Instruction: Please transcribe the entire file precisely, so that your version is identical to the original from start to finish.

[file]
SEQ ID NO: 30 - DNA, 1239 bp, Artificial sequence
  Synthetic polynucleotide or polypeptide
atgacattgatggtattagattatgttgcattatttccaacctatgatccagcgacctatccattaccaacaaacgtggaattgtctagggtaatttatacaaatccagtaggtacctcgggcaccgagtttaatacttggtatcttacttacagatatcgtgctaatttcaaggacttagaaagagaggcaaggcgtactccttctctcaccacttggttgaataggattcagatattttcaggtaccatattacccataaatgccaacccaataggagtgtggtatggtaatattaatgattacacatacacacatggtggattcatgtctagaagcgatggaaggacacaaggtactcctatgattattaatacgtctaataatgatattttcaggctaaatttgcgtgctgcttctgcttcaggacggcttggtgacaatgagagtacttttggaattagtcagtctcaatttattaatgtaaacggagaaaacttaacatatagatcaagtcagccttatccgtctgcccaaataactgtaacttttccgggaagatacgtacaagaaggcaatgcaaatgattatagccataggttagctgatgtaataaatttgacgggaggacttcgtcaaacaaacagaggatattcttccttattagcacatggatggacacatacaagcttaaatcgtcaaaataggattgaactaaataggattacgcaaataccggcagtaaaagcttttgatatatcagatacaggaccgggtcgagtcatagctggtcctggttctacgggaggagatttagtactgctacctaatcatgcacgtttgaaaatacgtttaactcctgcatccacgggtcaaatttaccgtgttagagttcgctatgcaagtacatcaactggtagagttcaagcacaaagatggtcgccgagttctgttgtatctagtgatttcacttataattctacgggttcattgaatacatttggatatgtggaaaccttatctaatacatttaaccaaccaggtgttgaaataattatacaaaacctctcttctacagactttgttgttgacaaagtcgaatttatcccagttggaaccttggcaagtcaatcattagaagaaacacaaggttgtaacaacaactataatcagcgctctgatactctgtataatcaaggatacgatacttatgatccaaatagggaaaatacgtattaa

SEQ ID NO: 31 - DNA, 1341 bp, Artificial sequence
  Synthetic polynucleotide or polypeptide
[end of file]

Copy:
SEQ ID NO: 30 - DNA, 1239 bp, Artificial sequence
  Synthetic polynucleotide or polypeptide
atgacattgatggtattagattatgttgcattatttccaacctatgatccagcgacctatccattaccaacaaacgtggaattgtctagggtaatttatacaaatccagtaggtacctcgggcaccgagtttaatacttggtatcttacttacagatatcgtgctaatttcaaggacttagaaagagaggcaaggcgtactccttctctcaccacttggttgaataggattcagatattttcaggtaccatattacccataaatgccaacccaataggagtgtggtatggtaatattaatgattacacatacacacatggtggattcatgtctagaagcgatggaaggacacaaggtactcctatgattattaatacgtctaataatgatattttcaggctaaatttgcgtgctgcttctgcttcaggacggcttggtgacaatgagagtacttttggaattagtcagtctcaatttattaatgtaaacggagaaaacttaacatatagatcaagtcagccttatccgtctgcccaaataactgtaacttttccgggaagatacgtacaagaaggcaatgcaaatgattatagccataggttagctgatgtaataaatttgacgggaggacttcgtcaaacaaacagaggatattcttccttattagcacatggatggacacatacaagcttaaatcgtcaaaataggattgaactaaataggattacgcaaataccggcagtaaaagcttttgatatatcagatacaggaccgggtcgagtcatagctggtcctggttctacgggaggagatttagtactgctacctaatcatgcacgtttgaaaatacgtttaactcctgcatccacgggtcaaatttaccgtgttagagttcgctatgcaagtacatcaactggtagagttcaagcacaaagatggtcgccgagttctgttgtatctagtgatttcacttataattctacgggttcattgaatacatttggatatgtggaaaccttatctaatacatttaaccaaccaggtgttgaaataattatacaaaacctctcttctacagactttgttgttgacaaagtcgaatttatcccagttggaaccttggcaagtcaatcattagaagaaacacaaggttgtaacaacaactataatcagcgctctgatactctgtataatcaaggatacgatacttatgatccaaatagggaaaatacgtattaa

SEQ ID NO: 31 - DNA, 1341 bp, Artificial sequence
  Synthetic polynucleotide or polypeptide